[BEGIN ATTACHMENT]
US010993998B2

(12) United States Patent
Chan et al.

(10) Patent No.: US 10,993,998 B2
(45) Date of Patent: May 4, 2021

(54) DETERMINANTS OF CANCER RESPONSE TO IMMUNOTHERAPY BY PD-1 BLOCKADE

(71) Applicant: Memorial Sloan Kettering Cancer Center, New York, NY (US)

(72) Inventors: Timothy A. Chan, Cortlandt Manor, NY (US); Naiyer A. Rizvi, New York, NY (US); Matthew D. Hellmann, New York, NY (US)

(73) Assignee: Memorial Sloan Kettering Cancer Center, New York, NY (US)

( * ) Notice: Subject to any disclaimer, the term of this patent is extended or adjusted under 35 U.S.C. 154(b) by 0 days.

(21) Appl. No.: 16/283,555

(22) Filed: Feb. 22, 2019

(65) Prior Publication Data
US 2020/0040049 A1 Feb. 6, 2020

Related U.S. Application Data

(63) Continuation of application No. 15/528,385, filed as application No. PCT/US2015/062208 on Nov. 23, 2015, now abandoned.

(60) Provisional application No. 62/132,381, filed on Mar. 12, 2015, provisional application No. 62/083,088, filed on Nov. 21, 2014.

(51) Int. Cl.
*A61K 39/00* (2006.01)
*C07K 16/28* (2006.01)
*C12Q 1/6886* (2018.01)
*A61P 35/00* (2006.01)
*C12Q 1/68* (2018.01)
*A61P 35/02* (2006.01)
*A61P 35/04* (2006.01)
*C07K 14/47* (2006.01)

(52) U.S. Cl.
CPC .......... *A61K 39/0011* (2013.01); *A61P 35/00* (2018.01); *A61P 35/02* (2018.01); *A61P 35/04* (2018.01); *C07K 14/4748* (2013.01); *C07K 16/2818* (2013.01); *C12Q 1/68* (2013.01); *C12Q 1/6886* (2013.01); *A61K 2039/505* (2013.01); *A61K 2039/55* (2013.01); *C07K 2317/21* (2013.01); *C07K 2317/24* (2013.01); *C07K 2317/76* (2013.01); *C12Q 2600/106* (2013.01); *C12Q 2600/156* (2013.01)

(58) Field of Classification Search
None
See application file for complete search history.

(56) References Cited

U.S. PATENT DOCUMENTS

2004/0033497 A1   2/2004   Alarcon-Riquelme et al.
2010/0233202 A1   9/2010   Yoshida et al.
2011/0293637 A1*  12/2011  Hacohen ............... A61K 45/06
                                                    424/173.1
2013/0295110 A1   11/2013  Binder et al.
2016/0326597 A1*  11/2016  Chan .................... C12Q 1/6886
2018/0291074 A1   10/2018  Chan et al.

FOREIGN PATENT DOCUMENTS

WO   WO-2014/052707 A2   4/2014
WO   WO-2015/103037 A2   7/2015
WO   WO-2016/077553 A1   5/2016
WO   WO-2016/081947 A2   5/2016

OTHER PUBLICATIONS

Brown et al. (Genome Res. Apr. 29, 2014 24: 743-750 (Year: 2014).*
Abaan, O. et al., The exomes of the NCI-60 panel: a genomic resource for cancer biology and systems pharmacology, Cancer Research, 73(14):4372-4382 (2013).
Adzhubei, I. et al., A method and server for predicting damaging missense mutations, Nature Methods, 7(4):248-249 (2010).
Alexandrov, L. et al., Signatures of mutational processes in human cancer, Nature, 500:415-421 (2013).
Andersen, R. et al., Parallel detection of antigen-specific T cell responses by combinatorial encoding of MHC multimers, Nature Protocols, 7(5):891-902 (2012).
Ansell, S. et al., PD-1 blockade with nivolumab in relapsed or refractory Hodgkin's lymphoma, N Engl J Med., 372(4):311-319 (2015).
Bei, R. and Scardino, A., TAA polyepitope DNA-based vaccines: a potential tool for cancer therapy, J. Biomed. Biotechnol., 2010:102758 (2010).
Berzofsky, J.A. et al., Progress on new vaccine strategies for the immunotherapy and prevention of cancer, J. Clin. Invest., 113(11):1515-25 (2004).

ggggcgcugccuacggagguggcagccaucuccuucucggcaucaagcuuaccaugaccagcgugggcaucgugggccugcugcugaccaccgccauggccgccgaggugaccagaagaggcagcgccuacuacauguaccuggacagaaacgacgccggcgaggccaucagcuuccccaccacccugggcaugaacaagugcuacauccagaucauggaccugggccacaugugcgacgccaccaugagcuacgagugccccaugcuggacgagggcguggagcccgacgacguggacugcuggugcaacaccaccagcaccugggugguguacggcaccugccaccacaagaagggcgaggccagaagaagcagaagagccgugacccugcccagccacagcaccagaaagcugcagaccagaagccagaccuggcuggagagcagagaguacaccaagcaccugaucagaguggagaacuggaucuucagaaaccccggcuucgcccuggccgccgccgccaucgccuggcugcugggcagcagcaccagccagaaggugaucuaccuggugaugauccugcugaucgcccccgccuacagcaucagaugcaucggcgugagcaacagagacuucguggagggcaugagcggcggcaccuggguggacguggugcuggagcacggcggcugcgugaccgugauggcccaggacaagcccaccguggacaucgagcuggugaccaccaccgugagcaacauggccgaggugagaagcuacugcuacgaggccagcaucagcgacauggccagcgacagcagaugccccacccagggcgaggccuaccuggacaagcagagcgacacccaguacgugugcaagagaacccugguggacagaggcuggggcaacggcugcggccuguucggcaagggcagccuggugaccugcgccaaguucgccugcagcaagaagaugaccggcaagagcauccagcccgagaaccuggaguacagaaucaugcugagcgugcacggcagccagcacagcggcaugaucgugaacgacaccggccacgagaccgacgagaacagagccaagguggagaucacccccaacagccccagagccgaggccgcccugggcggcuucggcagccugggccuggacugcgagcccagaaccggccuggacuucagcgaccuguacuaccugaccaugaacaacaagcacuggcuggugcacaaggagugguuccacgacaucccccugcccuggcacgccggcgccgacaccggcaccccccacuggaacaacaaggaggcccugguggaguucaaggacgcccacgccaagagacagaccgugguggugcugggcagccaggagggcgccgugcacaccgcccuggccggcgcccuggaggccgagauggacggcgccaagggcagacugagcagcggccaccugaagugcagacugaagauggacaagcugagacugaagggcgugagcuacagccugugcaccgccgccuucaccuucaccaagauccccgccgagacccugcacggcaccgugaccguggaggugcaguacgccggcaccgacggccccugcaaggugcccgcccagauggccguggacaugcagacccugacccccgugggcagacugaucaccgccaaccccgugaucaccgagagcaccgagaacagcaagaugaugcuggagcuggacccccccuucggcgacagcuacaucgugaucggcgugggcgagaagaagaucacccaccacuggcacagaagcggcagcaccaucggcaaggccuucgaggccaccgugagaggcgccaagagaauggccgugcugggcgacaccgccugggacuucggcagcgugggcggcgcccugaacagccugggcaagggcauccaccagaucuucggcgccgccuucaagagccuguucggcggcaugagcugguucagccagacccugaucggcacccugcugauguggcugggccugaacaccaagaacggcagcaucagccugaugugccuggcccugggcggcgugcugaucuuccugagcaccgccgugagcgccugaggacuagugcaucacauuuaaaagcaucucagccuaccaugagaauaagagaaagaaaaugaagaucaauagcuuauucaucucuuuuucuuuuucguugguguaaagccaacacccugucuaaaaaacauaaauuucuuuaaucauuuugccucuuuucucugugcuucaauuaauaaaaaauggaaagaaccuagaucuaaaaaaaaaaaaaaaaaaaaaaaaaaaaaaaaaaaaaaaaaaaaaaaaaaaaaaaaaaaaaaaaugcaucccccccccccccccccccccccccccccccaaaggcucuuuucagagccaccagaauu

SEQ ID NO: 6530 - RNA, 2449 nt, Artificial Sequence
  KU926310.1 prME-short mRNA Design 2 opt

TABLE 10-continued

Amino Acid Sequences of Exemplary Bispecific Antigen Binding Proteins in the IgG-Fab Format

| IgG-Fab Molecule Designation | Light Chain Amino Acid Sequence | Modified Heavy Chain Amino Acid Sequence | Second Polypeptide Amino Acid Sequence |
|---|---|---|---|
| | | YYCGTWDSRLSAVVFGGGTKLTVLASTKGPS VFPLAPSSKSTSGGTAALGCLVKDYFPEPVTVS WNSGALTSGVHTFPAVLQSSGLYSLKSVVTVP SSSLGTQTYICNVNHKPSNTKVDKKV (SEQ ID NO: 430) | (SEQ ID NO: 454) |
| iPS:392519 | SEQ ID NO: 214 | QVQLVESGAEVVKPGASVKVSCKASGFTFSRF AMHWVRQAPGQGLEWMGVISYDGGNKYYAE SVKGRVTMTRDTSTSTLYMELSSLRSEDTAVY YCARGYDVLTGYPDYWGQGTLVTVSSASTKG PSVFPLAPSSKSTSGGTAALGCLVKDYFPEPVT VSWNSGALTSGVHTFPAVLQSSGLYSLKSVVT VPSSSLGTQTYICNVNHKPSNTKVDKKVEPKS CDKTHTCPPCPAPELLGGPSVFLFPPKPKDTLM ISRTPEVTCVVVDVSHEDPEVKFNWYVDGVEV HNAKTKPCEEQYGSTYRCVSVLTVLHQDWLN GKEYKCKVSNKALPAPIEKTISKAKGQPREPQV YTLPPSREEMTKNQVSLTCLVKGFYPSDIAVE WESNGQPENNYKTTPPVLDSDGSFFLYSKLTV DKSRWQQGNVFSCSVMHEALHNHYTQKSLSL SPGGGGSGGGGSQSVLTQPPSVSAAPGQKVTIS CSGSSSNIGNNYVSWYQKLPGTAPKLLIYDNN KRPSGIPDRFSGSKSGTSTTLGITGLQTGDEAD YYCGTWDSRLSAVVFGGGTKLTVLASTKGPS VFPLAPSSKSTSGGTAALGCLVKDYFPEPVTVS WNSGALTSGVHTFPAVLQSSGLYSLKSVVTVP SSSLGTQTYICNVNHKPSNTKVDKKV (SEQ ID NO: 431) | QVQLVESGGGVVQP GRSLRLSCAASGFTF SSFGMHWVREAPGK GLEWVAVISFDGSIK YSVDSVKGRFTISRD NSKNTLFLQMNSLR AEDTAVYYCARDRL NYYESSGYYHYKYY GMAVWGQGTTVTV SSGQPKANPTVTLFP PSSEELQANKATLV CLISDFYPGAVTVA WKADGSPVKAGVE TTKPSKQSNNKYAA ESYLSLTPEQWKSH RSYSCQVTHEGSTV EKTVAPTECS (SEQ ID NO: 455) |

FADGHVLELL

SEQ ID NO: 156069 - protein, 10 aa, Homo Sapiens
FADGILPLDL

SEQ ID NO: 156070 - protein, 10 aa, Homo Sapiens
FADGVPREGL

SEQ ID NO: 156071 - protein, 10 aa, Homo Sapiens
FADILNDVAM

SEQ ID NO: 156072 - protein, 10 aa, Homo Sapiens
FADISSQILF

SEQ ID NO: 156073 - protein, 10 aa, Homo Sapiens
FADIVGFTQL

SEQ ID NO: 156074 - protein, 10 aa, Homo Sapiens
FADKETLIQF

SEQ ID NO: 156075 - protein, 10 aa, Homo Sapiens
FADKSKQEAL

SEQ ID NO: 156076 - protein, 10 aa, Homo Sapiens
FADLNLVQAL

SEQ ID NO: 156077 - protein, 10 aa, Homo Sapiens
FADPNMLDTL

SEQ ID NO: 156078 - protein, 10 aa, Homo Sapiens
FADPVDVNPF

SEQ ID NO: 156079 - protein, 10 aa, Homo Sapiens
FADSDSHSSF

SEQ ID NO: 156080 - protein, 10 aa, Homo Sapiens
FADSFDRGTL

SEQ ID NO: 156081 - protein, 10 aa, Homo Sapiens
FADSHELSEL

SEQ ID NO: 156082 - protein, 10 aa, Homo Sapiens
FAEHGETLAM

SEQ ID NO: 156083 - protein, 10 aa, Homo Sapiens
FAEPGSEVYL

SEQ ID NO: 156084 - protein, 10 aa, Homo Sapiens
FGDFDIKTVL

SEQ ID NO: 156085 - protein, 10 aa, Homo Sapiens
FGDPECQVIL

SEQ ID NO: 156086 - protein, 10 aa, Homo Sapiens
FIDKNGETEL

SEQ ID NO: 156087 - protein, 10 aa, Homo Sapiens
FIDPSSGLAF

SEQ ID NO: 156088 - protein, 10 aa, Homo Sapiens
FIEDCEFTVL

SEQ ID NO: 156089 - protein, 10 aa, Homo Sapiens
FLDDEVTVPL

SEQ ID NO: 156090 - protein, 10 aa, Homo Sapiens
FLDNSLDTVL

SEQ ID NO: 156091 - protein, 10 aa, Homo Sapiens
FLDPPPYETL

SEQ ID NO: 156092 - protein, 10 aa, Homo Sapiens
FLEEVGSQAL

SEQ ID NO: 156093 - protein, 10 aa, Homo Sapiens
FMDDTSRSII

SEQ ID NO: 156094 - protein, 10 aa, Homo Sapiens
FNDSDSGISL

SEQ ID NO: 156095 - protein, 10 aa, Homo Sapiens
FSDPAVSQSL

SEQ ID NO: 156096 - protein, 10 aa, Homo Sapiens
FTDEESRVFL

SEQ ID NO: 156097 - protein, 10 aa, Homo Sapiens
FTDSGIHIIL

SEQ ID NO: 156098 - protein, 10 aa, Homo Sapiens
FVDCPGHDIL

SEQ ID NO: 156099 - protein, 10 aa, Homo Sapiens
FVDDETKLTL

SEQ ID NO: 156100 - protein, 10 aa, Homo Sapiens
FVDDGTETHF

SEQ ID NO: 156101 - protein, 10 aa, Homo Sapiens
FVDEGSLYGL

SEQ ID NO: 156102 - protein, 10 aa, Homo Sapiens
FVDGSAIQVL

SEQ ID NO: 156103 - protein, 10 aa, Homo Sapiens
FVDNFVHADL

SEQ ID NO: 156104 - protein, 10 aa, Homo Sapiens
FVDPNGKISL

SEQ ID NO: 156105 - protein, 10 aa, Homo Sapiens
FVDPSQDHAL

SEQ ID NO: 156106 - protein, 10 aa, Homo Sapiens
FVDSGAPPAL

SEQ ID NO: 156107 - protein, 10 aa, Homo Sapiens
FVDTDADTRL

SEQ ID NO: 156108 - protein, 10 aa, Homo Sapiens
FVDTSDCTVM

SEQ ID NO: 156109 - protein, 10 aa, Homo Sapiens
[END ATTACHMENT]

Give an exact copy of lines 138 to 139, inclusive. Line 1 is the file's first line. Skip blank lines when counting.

FVDPSQDHAL

SEQ ID NO: 156106 - protein, 10 aa, Homo Sapiens